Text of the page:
Opioid Overdoses Fuel Rise in Accidental Deaths
Opioid overdoses are fueling a sharp increase in accidental deaths in the United States, according to a new report by the National Safety Council.
Media campaigns that present the tobacco industry in a negative light can cut smoking rates among young adults, Science Daily reported May 6.
Researchers at the University of California at San Francisco (UCSF) studied the relationship between attitudes about the tobacco industry and the smoking behaviors of adults between the ages of 18-25. The researchers asked participants how strongly they agreed or disagreed with the following statements: “Taking a stand against smoking is important to me;” “I want to be involved with efforts to get rid of cigarette smoking;” and “I would like to see cigarette companies go out of business.”
Those participants who supported taking action against the industry and agreed with these three statements were one-third as likely to be smokers as those who disagreed with the statements. Also, current smokers who had negative attitudes towards the tobacco industry were more than four times more likely to make a plan to stop smoking than smokers who did not support action against the tobacco industry.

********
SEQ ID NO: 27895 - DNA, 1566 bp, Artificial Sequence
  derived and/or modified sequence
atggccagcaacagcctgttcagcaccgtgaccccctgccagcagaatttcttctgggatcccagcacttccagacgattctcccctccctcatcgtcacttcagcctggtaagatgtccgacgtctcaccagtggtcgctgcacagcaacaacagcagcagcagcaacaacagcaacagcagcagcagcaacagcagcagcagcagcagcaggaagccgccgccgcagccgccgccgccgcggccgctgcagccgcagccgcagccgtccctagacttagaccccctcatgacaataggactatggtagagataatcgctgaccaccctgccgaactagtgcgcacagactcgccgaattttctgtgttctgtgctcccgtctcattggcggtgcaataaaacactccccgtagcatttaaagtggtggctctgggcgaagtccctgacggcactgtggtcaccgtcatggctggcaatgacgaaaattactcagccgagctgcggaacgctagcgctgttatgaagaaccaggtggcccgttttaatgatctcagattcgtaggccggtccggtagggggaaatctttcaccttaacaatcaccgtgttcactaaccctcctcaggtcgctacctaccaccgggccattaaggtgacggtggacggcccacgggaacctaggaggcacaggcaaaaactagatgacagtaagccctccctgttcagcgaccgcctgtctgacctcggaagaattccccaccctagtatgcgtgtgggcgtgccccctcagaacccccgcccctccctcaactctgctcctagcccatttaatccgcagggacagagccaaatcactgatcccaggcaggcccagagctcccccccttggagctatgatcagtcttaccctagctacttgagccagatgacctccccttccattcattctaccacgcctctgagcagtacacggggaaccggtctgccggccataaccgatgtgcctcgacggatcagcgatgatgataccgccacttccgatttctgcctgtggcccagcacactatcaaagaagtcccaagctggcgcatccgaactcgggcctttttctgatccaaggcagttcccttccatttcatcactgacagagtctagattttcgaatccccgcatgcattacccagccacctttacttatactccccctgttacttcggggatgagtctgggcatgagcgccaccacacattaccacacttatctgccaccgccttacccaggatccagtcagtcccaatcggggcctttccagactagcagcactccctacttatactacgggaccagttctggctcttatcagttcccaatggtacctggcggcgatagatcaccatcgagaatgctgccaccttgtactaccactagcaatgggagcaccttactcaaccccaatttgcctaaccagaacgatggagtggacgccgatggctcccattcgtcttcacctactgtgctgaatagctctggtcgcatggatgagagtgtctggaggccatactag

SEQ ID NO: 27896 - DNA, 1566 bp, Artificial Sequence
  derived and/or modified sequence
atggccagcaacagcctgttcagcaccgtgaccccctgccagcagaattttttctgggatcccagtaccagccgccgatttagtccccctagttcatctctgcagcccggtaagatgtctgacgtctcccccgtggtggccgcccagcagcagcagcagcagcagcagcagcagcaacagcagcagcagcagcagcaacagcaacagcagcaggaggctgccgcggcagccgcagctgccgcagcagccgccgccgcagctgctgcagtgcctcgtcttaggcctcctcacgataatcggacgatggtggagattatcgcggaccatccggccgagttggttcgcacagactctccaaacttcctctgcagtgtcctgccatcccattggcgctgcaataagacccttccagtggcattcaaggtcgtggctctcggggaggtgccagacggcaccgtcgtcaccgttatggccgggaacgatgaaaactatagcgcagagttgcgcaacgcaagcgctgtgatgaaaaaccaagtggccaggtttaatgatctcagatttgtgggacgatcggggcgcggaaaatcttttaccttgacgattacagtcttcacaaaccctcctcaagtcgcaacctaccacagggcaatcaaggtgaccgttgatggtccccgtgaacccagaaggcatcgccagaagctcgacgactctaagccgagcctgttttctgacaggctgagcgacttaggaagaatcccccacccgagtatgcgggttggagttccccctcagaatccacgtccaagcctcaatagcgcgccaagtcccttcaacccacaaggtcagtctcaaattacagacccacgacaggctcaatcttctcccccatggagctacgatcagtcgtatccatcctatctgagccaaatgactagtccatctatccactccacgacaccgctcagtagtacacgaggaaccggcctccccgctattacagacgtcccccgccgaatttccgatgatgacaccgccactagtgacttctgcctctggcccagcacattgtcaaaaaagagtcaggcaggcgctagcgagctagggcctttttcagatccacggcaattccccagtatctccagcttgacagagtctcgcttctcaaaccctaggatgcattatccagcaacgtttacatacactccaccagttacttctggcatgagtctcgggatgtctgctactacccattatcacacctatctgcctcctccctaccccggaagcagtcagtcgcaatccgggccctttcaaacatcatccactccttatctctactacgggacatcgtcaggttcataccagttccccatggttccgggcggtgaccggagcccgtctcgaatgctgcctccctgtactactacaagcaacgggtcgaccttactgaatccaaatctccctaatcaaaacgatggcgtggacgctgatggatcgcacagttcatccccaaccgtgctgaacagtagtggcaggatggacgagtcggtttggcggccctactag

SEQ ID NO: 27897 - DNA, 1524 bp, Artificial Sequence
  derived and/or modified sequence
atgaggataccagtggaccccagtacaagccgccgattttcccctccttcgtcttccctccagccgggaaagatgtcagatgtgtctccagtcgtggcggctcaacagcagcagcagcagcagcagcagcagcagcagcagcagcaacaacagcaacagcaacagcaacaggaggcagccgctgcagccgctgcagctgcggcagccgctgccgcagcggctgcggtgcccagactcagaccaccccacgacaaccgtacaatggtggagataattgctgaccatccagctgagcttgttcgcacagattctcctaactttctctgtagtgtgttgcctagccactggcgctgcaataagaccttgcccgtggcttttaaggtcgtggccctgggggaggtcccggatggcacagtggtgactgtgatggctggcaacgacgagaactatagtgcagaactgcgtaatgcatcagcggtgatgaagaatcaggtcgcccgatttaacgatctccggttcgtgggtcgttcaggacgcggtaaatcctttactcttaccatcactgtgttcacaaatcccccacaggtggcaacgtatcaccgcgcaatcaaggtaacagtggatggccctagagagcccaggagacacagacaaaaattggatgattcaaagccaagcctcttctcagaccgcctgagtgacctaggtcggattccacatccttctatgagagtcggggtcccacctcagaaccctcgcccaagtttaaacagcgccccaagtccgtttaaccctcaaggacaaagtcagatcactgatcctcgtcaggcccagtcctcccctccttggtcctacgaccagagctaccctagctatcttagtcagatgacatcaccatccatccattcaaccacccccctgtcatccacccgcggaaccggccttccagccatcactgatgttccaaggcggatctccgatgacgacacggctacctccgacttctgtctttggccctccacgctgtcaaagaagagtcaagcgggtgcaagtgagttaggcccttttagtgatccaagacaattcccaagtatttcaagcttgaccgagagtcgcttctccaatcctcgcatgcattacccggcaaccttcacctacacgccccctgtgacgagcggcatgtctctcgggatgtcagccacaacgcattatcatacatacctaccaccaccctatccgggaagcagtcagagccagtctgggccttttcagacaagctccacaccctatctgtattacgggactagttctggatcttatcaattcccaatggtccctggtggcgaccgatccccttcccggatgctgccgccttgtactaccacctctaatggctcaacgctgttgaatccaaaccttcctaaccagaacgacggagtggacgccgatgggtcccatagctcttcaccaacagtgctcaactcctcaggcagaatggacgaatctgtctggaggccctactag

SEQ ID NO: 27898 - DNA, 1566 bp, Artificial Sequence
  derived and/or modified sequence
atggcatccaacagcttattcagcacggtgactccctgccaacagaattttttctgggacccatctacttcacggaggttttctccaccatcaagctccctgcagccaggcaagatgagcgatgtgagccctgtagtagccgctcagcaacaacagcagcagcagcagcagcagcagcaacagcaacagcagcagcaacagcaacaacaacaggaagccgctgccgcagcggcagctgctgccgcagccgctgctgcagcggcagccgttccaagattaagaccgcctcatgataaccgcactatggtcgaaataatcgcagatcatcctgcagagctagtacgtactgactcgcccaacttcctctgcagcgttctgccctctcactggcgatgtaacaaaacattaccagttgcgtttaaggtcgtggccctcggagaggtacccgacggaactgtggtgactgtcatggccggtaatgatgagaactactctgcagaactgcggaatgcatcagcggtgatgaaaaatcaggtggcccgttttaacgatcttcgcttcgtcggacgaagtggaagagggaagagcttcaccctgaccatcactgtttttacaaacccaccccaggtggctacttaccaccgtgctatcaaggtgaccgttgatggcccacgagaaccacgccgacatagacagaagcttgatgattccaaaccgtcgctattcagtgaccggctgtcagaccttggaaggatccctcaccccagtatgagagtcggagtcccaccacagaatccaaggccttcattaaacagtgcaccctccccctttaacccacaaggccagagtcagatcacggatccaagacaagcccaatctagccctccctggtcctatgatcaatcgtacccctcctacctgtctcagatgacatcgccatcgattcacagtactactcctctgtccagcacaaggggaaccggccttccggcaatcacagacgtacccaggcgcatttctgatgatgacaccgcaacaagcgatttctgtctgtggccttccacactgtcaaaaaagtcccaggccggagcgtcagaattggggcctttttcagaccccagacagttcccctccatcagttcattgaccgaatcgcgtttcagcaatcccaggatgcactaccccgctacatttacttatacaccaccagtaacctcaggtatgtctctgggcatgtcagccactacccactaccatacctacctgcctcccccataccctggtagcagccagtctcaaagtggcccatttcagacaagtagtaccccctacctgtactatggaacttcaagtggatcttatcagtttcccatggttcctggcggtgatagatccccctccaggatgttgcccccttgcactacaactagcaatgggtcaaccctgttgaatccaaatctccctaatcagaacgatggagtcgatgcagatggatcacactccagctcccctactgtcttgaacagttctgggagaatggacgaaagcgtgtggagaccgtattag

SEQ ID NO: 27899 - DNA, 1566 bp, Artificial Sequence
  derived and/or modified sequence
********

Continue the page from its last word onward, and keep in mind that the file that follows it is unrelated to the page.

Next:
“Running anti-tobacco ads to expose the fact that the tobacco industry kills five million people worldwide annually turns out to be hugely successful in preventing and promoting cessation,” said study co-author Stanton Glantz, Ph.D., who is the director of UCSF’s Center for Tobacco Control Research and Education.
The study is the first to look at a national sample of attitudes toward the tobacco industry and smoking behavior among young adults, the researchers said. “The results show a huge effect of attitudes linked to advertising campaigns that focus on portraying the tobacco industry in a negative light,” said lead author Pamela Ling. “The tobacco industry cares a lot about public opinion and hates those ads, because the ads make the industry look bad.”
The findings were published online May 9, 2009 in the American Journal of Preventative Medicine.